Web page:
What to eat and drink. For those who have chanced on this blog before, it’s perhaps clear that we are firmly positioned on the beer side of life, so any judgement passed on wine will be of the lay kind. And for the lay wine drinker Lisbon is paradise. The variety of wines, both red and white, is almost intimidating so, although the fame of Portugal is given by its fortified red wines, we usually went for what we know best, namely dry red, with the alternative of dry white when consumed alongside fish. We also used the fail safe trick, learned off the BBC’s now sadly defunct general knowledge show, Top Gear, of going for the second least expensive option on the menu, and never got it wrong, with the remark then whenever possible we chose a wine from the Lisbon/Tejo region, just to keep the local flavor alive.
Yet Lisbon is not only about wine- beer places are harder to find, with Cerveteca Lisboa (un)strategically positioned on the least conspicuous corner of Praça das Flores up in the Bairro Alto, but they are worth the effort. Strikingly enough, they are breezy even on a pre-bank holiday evening, with only a few beer aficionados sipping their brews, but the brands on offer cover the best of European new wave craft beers, mixed with some local brands, the best of which seems to be the poetically named Cerveja Musa. As a local note, varied tapas are also available, with a special recommendation for the goat cheese and the salamis.
Not far away from the Cerveteca Lisboa you can bump into the Red Frog Speakeasy– okay, you can’t really bump into it, you have to know it’s there and ring a bell at Rua do Salitre 5A to be allowed entry, but this is another endeavour you will most certainly not regret, as they serve excellent cocktails- besides a seasonal menu you can also opt for the classics, and in my relentless quest for the best whiskey sour in existence this was a top contender.
In case fancy cocktails seem a bit outré to you, Lisbon has the perfect antidote to sophisticated drinking. For those with an eye for details, it will become quickly evident that some of the shops opening earliest in the morning cater a sticky concoction, which, by Eastern European standards is more syrup than alcohol: ginjinha, or simply ginja, is a Morello cherry liqueur and great local favourite, copiously consumed at any time of the day. Best way to try it is to find the dodgiest looking and least touristy establishment in your proximity, and ask for a shot of the red nectar.
Ginja stores usually sell coffee as well- Portuguese coffee generally follows the Italian school of dark roast and viciously strong brews, but some third wave roasters have also popped up in the city, our favourite being Fabrica, which will have a barlove entry of its very own. Of the old haunts, A Brasileira on Rua Garett has become overrun with tourists during the day, with the statue of Pessoa, who spent his life as an inconspicuous clerk, looking slightly taken aghast by all those strange people grinning stupidly at phones from the seat beside him.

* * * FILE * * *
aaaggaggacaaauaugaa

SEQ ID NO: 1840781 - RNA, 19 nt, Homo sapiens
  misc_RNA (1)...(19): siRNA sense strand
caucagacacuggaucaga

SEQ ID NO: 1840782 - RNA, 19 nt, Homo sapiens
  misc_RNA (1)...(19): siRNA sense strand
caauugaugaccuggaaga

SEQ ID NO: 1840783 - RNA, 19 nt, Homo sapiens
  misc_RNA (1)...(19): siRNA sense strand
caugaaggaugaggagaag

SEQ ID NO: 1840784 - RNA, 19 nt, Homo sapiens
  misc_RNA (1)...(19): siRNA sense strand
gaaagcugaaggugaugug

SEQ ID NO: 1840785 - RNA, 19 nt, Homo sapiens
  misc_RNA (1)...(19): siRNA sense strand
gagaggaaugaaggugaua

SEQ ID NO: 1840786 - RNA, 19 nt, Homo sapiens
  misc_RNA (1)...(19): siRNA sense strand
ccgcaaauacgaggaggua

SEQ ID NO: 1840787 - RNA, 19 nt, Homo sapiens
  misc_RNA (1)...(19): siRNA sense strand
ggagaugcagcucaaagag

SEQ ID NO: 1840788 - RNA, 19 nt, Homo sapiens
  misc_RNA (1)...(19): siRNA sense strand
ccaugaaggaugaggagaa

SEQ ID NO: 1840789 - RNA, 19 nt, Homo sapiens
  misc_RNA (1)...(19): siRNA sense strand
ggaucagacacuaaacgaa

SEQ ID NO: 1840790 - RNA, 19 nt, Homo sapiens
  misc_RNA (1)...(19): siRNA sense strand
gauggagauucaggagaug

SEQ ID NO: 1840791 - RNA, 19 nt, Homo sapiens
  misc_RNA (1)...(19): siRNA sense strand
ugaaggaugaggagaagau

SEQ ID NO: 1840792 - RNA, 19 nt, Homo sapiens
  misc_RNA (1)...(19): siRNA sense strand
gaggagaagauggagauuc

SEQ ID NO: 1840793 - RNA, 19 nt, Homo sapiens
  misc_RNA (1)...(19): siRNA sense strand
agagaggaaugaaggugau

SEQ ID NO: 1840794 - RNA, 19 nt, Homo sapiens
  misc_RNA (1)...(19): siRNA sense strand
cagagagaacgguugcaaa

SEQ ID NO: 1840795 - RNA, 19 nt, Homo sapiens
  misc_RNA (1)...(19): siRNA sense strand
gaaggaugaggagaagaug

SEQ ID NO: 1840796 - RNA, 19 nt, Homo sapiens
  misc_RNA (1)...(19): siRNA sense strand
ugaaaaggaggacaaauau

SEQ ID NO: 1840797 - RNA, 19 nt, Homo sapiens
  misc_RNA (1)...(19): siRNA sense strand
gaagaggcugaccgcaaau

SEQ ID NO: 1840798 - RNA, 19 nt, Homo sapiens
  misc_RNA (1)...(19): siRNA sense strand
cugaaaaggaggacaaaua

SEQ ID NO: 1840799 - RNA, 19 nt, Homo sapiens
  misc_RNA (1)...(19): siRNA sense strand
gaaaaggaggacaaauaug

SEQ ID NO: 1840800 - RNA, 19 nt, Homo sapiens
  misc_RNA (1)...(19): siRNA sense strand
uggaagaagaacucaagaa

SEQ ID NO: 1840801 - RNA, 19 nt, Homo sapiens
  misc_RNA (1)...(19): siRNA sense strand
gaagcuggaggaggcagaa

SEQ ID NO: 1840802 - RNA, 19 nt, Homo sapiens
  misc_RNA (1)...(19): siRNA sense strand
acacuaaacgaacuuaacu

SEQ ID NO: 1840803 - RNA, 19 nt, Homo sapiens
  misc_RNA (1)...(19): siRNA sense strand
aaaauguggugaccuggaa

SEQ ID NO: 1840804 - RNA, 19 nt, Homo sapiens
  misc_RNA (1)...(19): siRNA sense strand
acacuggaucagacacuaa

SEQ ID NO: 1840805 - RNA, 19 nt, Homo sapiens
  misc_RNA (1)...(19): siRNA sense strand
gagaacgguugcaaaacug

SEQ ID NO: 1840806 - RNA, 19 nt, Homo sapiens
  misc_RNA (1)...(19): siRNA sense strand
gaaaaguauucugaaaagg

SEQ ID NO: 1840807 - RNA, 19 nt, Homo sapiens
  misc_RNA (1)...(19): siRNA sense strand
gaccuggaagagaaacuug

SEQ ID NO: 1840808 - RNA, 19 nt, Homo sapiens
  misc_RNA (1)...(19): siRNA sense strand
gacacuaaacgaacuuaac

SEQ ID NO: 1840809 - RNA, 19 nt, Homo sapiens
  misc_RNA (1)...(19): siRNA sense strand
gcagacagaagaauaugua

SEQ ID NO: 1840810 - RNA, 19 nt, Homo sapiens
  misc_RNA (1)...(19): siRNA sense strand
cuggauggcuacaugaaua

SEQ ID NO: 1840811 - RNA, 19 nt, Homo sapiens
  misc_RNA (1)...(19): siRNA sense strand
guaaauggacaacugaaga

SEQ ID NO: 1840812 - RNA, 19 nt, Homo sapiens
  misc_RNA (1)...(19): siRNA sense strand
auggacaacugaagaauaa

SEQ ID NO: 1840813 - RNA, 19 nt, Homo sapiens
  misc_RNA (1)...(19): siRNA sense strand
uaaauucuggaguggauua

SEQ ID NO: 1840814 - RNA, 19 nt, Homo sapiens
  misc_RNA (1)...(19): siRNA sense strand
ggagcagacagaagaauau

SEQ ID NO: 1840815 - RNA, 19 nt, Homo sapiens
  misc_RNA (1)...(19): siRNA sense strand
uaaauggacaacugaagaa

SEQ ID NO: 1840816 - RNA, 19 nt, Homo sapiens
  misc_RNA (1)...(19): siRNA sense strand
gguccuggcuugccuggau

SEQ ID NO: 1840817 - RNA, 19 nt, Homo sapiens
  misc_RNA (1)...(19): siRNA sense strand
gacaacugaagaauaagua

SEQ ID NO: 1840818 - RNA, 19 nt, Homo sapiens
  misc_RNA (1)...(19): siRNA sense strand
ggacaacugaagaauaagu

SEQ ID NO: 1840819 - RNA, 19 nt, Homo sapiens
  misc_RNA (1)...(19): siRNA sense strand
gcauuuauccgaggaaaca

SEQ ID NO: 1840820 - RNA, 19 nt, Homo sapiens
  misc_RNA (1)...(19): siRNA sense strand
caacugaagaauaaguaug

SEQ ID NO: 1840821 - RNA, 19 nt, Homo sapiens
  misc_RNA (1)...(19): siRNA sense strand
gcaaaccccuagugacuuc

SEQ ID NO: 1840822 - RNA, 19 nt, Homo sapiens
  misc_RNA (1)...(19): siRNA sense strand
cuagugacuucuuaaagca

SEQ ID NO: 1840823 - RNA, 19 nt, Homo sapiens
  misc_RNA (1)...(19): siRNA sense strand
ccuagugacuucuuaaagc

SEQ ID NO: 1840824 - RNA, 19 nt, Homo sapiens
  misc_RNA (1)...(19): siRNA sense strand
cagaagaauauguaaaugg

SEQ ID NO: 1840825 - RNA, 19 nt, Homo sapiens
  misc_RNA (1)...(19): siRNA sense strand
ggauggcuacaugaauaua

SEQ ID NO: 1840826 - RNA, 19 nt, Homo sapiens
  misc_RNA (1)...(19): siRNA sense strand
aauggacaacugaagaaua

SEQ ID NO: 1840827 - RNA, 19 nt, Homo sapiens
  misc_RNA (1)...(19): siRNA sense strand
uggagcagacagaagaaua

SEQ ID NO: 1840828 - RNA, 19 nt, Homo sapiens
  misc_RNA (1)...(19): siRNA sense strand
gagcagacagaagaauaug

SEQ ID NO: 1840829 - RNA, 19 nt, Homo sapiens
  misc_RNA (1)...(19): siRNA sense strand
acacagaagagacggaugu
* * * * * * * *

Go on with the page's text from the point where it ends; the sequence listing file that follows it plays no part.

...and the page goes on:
Besides being wine heaven, Lisbon is also fish and seafood heaven, of course. For someone who could and would not eat fish just a few years back, I spent a transformative three days eating nothing but fish, and even quite literally eyeing some freshly caught beasts, who were presented to us as possible lunch options in the 5Oceanos restaurant, which besides tantalizingly fresh fish, also has a tantalizing view of the April 25 bridge right behind it. So, if you don’t like fish, it’s perhaps because you have never eaten good, fresh fish, and you should give it a try when in Lisbon.
The classical local dish is the bacalhau com natas (literally cod with cream), which is again well suited to those whose primary love is not fish, as the chunks get tamed by the creamy sauce. On the non fish front, we quite accidentally went for another local classic, the bife a cavalo, which is pork or beef steak, served with sunny side up eggs and a side dish of rice, potatoes and salad. Most places would also serve a series of starters which usually involved olives and local cheeses, which are frequently on the runny side, strongly flavoured and fragrant, but go splendidly with both wine and beer.
Portuguese pastry is often violently sweet, and, as such, not necessarily up my alley, but I simply cannot resist the pastel de nata. Also known as pastel de Belém, it was dreamed up by the monks at the Jéronimos monastery, in Belém, in the 18th century. Egg yolks are a classical ingredient of numerous Portuguese pastries, urban legend having it that as nuns and monks used egg whites to stiffen their habits, they had to come up with recipes to use up the leftover yolks. Today the original Belém pastry shop is sadly also plagued by endless queues, and, though it might sound romantic to get them from the source, they are ubiquitous and usually of good quality everywhere else in the city, so the effort does not seem fully justified.
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